Characterisation of new chitinases produced by halophilic microorganisms. Evaluation of their potential applications

Dirixida por:
  1. Carmen Sieiro Vázquez Director

Universidade de defensa: Universidade de Vigo

Fecha de defensa: 09 de outubro de 2015

  1. Tomás González Villa Presidente/a
  2. Manuel Becerra Secretario/a
  3. Maria Cristina Prudêncio Pereira Soares Vogal
  1. Bioloxía funcional e ciencias da saúde

Tipo: Tese

Teseo: 387703 DIALNET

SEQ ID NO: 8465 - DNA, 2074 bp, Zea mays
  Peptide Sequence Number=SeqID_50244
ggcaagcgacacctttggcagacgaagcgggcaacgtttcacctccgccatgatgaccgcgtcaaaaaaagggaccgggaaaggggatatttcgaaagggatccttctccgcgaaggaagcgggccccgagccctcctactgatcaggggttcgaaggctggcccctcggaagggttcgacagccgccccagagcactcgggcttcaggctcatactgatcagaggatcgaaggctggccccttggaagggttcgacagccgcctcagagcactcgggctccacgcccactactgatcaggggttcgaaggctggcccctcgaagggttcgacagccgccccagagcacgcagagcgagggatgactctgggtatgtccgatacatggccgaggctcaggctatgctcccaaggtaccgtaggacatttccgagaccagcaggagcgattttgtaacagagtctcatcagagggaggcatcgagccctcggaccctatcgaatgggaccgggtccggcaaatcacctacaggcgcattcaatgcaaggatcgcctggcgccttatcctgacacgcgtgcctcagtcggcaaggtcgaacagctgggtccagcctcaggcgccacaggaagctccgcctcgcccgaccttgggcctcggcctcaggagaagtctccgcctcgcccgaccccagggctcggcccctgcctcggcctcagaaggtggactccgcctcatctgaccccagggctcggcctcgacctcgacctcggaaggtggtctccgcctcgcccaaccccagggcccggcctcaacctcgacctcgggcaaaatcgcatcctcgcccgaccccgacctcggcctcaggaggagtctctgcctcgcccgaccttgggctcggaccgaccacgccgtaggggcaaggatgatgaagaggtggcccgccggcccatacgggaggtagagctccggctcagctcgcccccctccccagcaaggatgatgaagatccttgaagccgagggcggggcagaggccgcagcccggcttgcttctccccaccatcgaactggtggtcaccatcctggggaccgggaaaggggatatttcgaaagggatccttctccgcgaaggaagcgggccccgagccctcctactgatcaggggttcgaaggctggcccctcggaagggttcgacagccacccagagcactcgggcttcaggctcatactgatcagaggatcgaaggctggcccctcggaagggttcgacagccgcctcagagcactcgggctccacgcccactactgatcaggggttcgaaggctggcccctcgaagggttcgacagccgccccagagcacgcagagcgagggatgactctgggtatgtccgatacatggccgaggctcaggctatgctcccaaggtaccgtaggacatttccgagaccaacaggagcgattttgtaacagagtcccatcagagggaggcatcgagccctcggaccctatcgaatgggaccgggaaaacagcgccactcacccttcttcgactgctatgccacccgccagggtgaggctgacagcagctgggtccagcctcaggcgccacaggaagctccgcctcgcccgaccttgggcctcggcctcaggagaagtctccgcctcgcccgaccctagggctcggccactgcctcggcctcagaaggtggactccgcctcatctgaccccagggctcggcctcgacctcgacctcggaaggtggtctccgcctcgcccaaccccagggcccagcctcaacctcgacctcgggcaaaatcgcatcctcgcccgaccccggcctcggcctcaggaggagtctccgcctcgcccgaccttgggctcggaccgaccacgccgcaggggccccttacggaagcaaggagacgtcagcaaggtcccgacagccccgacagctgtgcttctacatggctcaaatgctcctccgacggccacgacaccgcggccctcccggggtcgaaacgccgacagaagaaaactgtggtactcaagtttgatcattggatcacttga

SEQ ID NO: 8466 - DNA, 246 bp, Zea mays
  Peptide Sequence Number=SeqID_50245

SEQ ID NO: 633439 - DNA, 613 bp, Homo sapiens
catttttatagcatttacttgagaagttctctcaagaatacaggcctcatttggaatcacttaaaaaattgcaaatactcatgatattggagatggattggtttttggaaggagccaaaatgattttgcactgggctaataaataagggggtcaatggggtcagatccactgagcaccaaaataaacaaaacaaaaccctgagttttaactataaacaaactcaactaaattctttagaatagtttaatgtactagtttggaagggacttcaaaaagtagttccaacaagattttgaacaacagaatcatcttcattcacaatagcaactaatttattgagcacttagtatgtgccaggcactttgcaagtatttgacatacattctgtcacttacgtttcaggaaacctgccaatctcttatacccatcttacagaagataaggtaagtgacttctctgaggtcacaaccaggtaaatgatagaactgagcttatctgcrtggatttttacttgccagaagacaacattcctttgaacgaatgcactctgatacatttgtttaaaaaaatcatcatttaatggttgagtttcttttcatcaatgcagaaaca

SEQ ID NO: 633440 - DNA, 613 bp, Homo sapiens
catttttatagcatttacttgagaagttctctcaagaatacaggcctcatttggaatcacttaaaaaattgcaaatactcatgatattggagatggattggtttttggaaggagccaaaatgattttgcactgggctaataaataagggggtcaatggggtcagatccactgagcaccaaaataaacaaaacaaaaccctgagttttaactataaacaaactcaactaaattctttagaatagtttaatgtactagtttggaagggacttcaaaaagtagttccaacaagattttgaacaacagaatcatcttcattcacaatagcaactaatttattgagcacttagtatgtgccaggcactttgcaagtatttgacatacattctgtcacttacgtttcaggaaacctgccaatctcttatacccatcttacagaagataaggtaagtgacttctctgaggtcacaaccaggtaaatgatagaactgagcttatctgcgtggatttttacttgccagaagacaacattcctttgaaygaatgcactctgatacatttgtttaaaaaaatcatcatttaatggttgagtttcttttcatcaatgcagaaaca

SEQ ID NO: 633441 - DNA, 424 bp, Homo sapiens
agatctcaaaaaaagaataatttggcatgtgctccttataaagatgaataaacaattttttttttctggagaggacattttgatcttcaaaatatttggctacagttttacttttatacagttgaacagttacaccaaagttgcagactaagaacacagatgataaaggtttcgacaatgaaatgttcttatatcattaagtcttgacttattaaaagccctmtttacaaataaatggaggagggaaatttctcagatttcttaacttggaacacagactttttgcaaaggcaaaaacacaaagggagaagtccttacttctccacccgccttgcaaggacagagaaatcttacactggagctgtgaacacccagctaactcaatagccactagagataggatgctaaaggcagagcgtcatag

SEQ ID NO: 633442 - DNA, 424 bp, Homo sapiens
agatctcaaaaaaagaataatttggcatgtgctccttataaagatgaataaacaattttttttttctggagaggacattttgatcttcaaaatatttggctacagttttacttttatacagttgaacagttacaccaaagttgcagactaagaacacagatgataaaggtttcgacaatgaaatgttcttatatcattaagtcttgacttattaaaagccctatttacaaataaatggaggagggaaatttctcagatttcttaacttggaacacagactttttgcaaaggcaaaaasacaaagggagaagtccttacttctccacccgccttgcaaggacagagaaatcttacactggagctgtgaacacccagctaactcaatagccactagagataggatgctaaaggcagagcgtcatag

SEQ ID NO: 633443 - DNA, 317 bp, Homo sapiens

A summary, which collects the most relevant aspects exposed in this doctoral thesis and that are discussed in detail in chapters I, II and III, is presented below. Chitin is a linear ß-1,4 linked homopolymer of N-acetyl-D-glucosamine (GlcNAc) units. It is the second most abundant polysaccharide in nature, after cellulose. It is a very abundant renewable source because it is believed that gigatonnes of chitin are annually produced on The Earth, mainly due to the wastes caused by fishing and food industries. It is difficult to degrade, giving rise to an excess of this polysaccharide that can cause an important environmental problem. In spite of being widely distributed in nature, its abundance is higher in the marine environment. However, accumulation of chitin in oceanic sediments is hardly observed, probably due to the existence of marine microorganisms, known as chitinolytic, which are able to hydrolyse chitin in an efficient way. Chitinases are glycoside hydrolase enzymes that degrade chitin catalysing the hydrolysis of the ß-1,4 glucosidic bonds which are present in this polymer. Depending on the amino acids sequence similarity in the catalytic domains, these enzymes are classified into different families, being families 18 and 19 of the glycoside hydrolases (GH18 and GH19) the ones that comprise the highest number of the chitinases known. Moreover, the members of these two families show different three-dimensional structures and mechanisms of action. These enzymes present a wide range of applications and a huge potential. Noteworthy among these applications, the capacity of protection against pathogenic fungi, nematodes and insect plagues, their participation in the obtaining of chitooligosaccharides, glucosamine and GlcNAc, the production of single cell proteins or the formation of protoplasts. Each chitinase presents different biochemical, regulatory and molecular characteristics that can make it interesting for a specific function. The microorganisms that are able to live in extreme conditions can be an important source of new enzymes; this is the case, specifically, of the halophilic microorganisms. It has been described that enzymes from halophiles, above all from extreme halophiles, present a wide spectrum of activity in terms of temperature, pH and NaCl concentration. In industrial processes, and particularly in chitinase applications, the enzymes are used in variable physical and chemical conditions, and so the characterisation of this type of proteins is of high industrial interest and it provides new possibilities in the biocatalytic processes. This information, along with the knowledge of marine microorganisms being efficient degrading chitin, are the reasons that led to deciding the study of the chitinases from two halophilic microorganisms: one extreme, the marine archaeon Halobacterium salinarum, CECT 395 strain, and another one moderate, the marine bacterium Pseudoalteromonas tunicata, CCUG 44952T strain. This selection was carried out after checking that both strains presented extracellular chitinolytic activity through their culture in an optimum medium supplemented with 1% and 2% chitin, respectively. The genomes of H. salinarum CECT 395 and P. tunicata CCUG 44952T are not sequenced yet. Therefore, the analysis of the genome of other strains belonging to the same species that are available in the database, two from H. salinarum, R1 and NRC-1, and one from P. tunicata, D2, were carried out. After the analysis of the genomes of the two strains from H. salinarum, R1 and NRC-1, several open reading frames were found, and, among them, one that could encode for a chitinase. This one was selected in both strains (accession numbers YP_001688891 and NP_279794, respectively) for its study. The analysis of the genome of P. tunicata D2 allowed to find an open reading frame, among others, that would encode a possible chitinase (accession number EAR30107). According to data, the amplification of these fragments was tried in the strains of study. For this, chromosomal DNAs from the microorganisms of study were firstly extracted. Besides, primers were designed, which flanked the genes that encode those possible chitinases, both the full-length sequence and the sequence without the signal peptide that had been previously deduced by the protein analysis with Pred-Signal (for the possible chitinase from H. salinarum CECT 395) and SignalP (for the possible chitinase from P. tunicata CCUG 44952T) programs. It was managed to amplify the gene that would encode for a chitinase in both strains, which let deduce that probably it is present in more strains from the same species. The isolated genes from H. salinarum CECT 395 and P. tunicata CCUG 44952T were called HschiA1 and Ptchi19, respectively. Next step undertaken was the cloning of the genes HschiA1 and Ptchi19, both complete and without the signal peptide, into the expression vectors pET100/D-TOPO® and pETiteTM C-His Kan, respectively. Both vectors allow a directional cloning and the fusion of the proteins to a hexa-histidine tag that will facilitate the purification of the enzymes. The hexa-histidine tag stayed bound to the N-terminus of HschiA1 and to the C-terminus of Ptchi19. After the cloning, Escherichia coli TOP10 competent cells were transformed with the recombinant plasmids pET-BM-Hs-ChiA1 and pET-BM-Hs-ChiA1-ps, and E. coli 10G competent cells with the recombinant vectors pET-Pt-Chi19 and pET-Pt-Chi19-ps. Once cloned, the genes were sequenced. Thus, it was checked that the gene HschiA1 was comprised of 1641 bp that would encode for a protein of 546 amino acids (HsChiA1p), while the gene Ptchi19 was comprised of 1452 bp that would encode a protein of 483 amino acids (PtChi19p). Once having sequenced, a bioinformatic analysis of the deduced proteins from these gene sequences was carried out. Firstly, an alignment of the cloned proteins with others related to them which are available in the database was completed. Thus, it was observed that HsChiA1p showed homology with the chitinases from the archaea Halobacterium sp. NRC-1 and Halogeometricum borinquense, and identity with the other two archaea. Meanwhile, PtChi19p resulted to have homology with chitinases from the bacteria Pseudoalteromonas tunicata D2, Vibrio vulnificus MO6-24/O, Aeromonas veronii B565 and Pseudoalteromonas flavipulchra, while it showed identity with the ones from the bacterium Streptomyces griseus and from some plants. This result confirmed the possible chitinolytic activity of the proteins of study. After the comparative analysis of the protein sequences, new analysis of the amino acids sequences of HsChiA1p and PtChi19p and of their predicted three-dimensional structures were carried out. Thus, it was checked that the two proteins had a structure formed by several domains. Firstly, it was detected for both proteins the presence of a signal sequence in the N-terminus that agrees with the extracellular chitinase activity that had previously been observed. Another identified domain in the two proteins is a carbohydrate binding module 5 (CBM5), which allows the enzyme binding to the substrate through hydrophobic interactions among some aromatic residues, conserved in HsChiA1p and PtChi19p, and the sugar molecules. However, its position within the sequence varies, being identified after the signal peptide in HsChiA1p, and in the C-terminus in PtChi19p. The consensus sequence AKWWT, which has been described as conserved in bacterial CBM5, was also detected in the archaeon H. salinarum and in the bacterium P. tunicata. Other domains that have been found in several chitinases and bacteria are the ones known as fibronectin type III and of the polycystic kidney disease (PKD) domains, which also seem to participate in the enzyme binding to the substrate. However, only the PKD domain was detected in HsChiA1p and not in PtChi19p. Finally, both chitinases showed a catalytic domain, but the amino acids that comprised them, the three-dimensional structure and their mechanism of action were completely different. While HsChiA1p had a characteristic catalytic domain of GH18 chitinases, the catalytic domain of PtChi19p was the typical one of GH19. It was determined that the catalytic domain of HsChiA1p had a structure known as TIM-barrel and, besides, it could be classified within the subfamily A of prokaryotic chitinases, because of the presence in this domain of an ¿+ß insertion. It has been demonstrated that the chitinase from this archaeon, as well as the ones from bacteria and fungi, has this domain conserved, in particular the DXXDXDXE sequence. This datum, along with directed mutagenesis and crystallographic studies carried out in other chitinases, supports the idea that it plays an important role either in the structure or in the protein activity, and particularly important to mention, the aspartate and glutamate amino acids are essential. Meanwhile, PtChi19p showed an ¿+ß structure, with a high ¿-helical content as it was verified by circular dichroism analysis. In this case, the chitinase from P. tunicata showed several conserved pattern sequences which characterised chitinases within GH19. However, it is in the motif DA[ITV]CK [RK][ES][LAI]A[AT]F[LF]A[NQH][VF][SA][HQ]E[TS]GG[LH]X[YA][VI]VEXN where it has been established that the active centre of these enzymes is located, which also appeared well conserved in PtChi19p. By previous directed mutagenesis and crystallographic studies it was concluded for GH19 chitinases a mechanism of action in which two glutamates would be implicated, one acting as an acid and the other one as a base, that were also located in the PtChi19p sequence. In the predicted structural models of both proteins these possibly implicated amino acids in the mechanism of action of the enzymes were located near the cleft where the substrate is expected to bind. Moreover, the TIM-barrel structure was observed in HsChiA1p while PtChi19p mainly presented a rich ¿-helical structure. After the proteins bioinformatic analysis, E. coli BL21 (DE3) cells were transformed with the previously obtained recombinant vectors with the purpose of intracellularly expressing the fusion proteins. The expression of the recombinant plasmids that contained the genes of the chitinases from H. salinarum and P. tunicata occurred under control of the T7 promoter and it was induced by IPTG. To continue with the study, the recombinant strains that showed the highest expression levels were selected: BL21-Hs-ChiA1 (which expressed the H. salinarum¿s gene without the signal peptide) and BL21-Pt-Chi19 (which expressed the complete gene of P. tunicata). E. coli does not accumulate salt at the intracellular level, and so it is not considered an optimal host for the expression of halophilic proteins which need this compound for their correct folding and activity. However, in this study it has been demonstrated that the expression of active halophilic enzymes in this host is possible by lysis and subsequent dialysis of the cellular extracts at the suitable NaCl conditions, this being the first time an extreme halophilic enzyme has been expressed as an active form in E. coli. Proteins purification process was carried out by affinity and size exclusion chromatography. The size of the purified protein from H. salinarum, HsChiA1p, was approximately 66.5 kDa and from P. tunicata, PtChi19p, was approximately 51 kDa, which agrees with the theoretical deduction and they are included within the range of the chitinases characterised so far. The two enzymes showed their chitinase activity by degrading the natural substrates, colloidal chitin and crystalline chitin, being HsChiA1p more effective on them. On the other hand, chitinase activity was also checked against synthetic substrates. Thus, both HsChiA1p and PtChi19p hydrolysed p-NP N-acetyl-ß-D-glucosaminide (pNP-(GlcNAc)), HsChiA1p also degraded p-NP ß-D-N,N¿,N¿¿-triacetylchitotriose (pNP-(GlcNAc)3) and none of the two enzymes acted on p-NP N,N¿-diacetyl-ß-D-chitobioside (pNP-(GlcNAc)2). It was decided to use the chromogenic substrate pNP-(GlcNAc) for the subsequent experiments. After the purifications of HsChiA1p and PtChi19p and the substrate selection, it was checked that their specific activity was eight times higher than the one from the crude extracts, and the effects of different physico-chemical factors on their chitinase activity were also determined. HsChiA1p showed activity between 15-45 °C and between pH values of 6-9. Moreover, it resulted to be highly stable at suboptimal conditions. Concretely, after 40 min at temperatures below (25 °C and 30 °C) the optimum (40 °C), the protein maintained more than a 90% of its activity. Regarding pH, more than a 90% of activity was conserved after 40 min at pH values below and over (6.5, 8, 8.5) the optimum (7.3). Its activity was stimulated by the metals Mg2+, K+ and Ca2+, and strongly inhibited by Mn2+. Meanwhile, PtChi19p resulted to be active in the range of 20-50 °C and pH values 6-9.5. In regard of its stability, after 40 min at lower temperatures (25 °C and 30 °C) than the optimum (43 °C), its activity increased between 20-40%. It was also stable at pH values different than the optimum (7.5), although less than HsChiA1p, preserving more than a 70% of activity after 40 min at pH 6.5 and 8.5. None of the tested metals stimulated its activity but it was inhibited by Mn2+, although less than HsChiA1p, as well as by several heavy metals. As it would be expected, especially for HsChiA1p, both enzymes showed dependence in salt concentration, resulting to be active in a wide range of NaCl concentrations (0-3.5 M for HsChiA1p and 0-2.5 M for PtChi19p). It is important to indicate that most of the enzymes of extreme halophiles are inactivated and denaturalised at NaCl concentrations lower than 1 M. However, HsChiA1p conserved a 15% of its chitinase activity in the absence of this compound, while PtChi19p maintained a 20%. In previous studies, it has been suggested that the hexa-histidine tag, to which HsChiA1p and PtChi19p are fused, could be helping in the folding and stability of the proteins. This wide action range, in terms of pH, temperature and NaCl requirements, as well as their stability at suboptimal conditions, will provide them with a high versatility in numerous applications. Once the proteins were biochemically characterised and because it is known that fungal cell walls are composed by chitin in a high percentage, the antifungal activity spectrum of the recombinant strains of E. coli BL21 (DE3), BL21-Hs-ChiA1 (which expressed the HschiA1 gene without the signal peptide of H. salinarum CECT 395) and BL21-Pt-Chi19 (which expressed the Ptchi19 full-length sequence of P. tunicata CCUG 44952T), was studied. The two strains were able to inhibit the growth of phytopathogenic fungi, such as Fusarium oxysporum or Armillaria mellea, of dermatophytes, such as Trichophyton mentagrophytes or Microsporum gypseum, and of the phytopathogen and human pathogen fungus Aspergillus niger. Besides, the antifungal effect that both strains performed together was studied in order to know whether a synergic action was observed. This synergy was detected against A. mellea, showing higher growth inhibition of this fungus when the two proteins acted together than separately. The analysis of all the results exposed, related to the biochemical characteristics and stability, allows proposing HsChiA1p and PtChi19p as new chitinases of interest for the degradation of chitin residues and the obtaining of oligosaccharides and N-acetylglucosamine. Besides, the proven antifungal activity makes them potential biological fungicides that could be used, either individually or combined with other compounds, as an alternative to chemical antifungal compounds. However, as it occurs with the rest of enzymes with a potential applied interest, the successful use of these chitinases in real applications will depend on whether the optimisation of the expression and culture conditions and the obtaining of overproducer strains allow a high production yield that makes the process profitable. With this purpose, the effects of different parameters on the functional expression of HsChiA1p and PtChi19p in the strains BL21-Hs-ChiA1 and BL21-Pt-Chi19, respectively, were comparatively studied. Significant differences between conditions tested in each assay were found. The first factor to be studied was the effect of the cellular density of the culture before induction. Optical densities at 600 nm of 1 for BL21-Hs-ChiA1 and of 0.7 for BL21-Pt-Chi19 were found to give rise to the highest levels of active protein. On the other hand, the production of active HsChiA1p and PtChi19p was also affected by the amount of inducer and the duration of induction. Thus, IPTG concentrations of 0.5 mM and 0.25 mM and induction times of 5 h and 1 h for the strains BL21-Hs-ChiA1 and BL21-Pt-Chi19, respectively, allowed obtaining the highest amount of active protein. The shortest culture times as well as the reduction in the inducer concentration and induction time are of great interest because they reduce the cost of the process and decrease the possibility of protein instability or proteolysis induction. Induction temperature is another important factor to consider when optimising as it has a notable effect on the folding and stability of the proteins. The highest active protein levels were obtained after induction of BL21-Hs-ChiA1 at 30-37 °C and BL21-Pt-Chi19 at 25 °C. These results let conclude that the effect of each parameter is specific for each enzyme of study. Moreover, in the last few years different host strains have been developed in order to increase the production of recombinant proteins in E. coli. In this study, five E. coli strains compatible with pET expression systems were tested. The best result, a significant increase of 60% in the expression of active HsChiA1p was observed with the strain BL21 Star (DE3) that is characterised by having a mutation in the gene rne (rne131) which encodes an endonuclease implicated in mRNA degradation. This datum shows that this mutation improves very effectively the stability of the mRNA of the archaeon chitinase. On the other hand, a rare codons bioinformatic analysis for the genes HschiA1 and Ptchi19 indicated that none of the two DNA sequences were the optimal in order to obtain a maximal expression in E. coli. On the basis of this analysis, the effect on the production of active HsChiA1p and PtChi19p of the E. coli strains BL21 RP (DE3) and Rosetta 2 (DE3), which possess extra copies of some tRNA genes for rare codons, was checked. A significant increase of 40% in the active protein expression was the best result for PtChi19p and it was obtained with the strain BL21 RP (DE3). On the other hand, a significant increase of 40% in the active HsChiA1p production was reached using the strain Rosetta 2 (DE3). In spite of the important improvement in the production of active HsChiA1p and PtChi19p, part of the proteins still remained insoluble. Therefore, as the last step, the establishment of the best conditions, in each case, for the recovery of biologically active proteins from inclusion bodies was proposed. By different refolding dilutions and times it was possible to refold part of those proteins. In particular, the highest recovered activities were obtained, for HsChiA1p after a 1:2 dilution of the solubilised protein and 8 h of folding, and for PtChi19p after a 1:4 dilution of the solubilised protein and 20 h of refolding. The study of the chitinases HsChiA1p, from the extremely halophilic archaeon H. salinarum CECT 395, and PtChi19p, from the moderately halophilic bacterium P. tunicata CCUG 44952T, has demonstrated that they are robust and versatile enzymes with interest for different applications. In spite of the importance of halophilic enzymes, their use is still unusual mainly due to the difficulties to produce them from wild microorganisms. Among these problems, the synthesis regulation in these strains and, above all, the necessity of culturing the halophilic microorganisms at high NaCl concentrations are highlighted. In this work, the conditions for the heterologous expression of the two halophilic enzymes of study were optimised, using E. coli as host. This allowed the increase of their production in more simple media, without the mentioned NaCl concentration requirements, and, above all, in a faster way.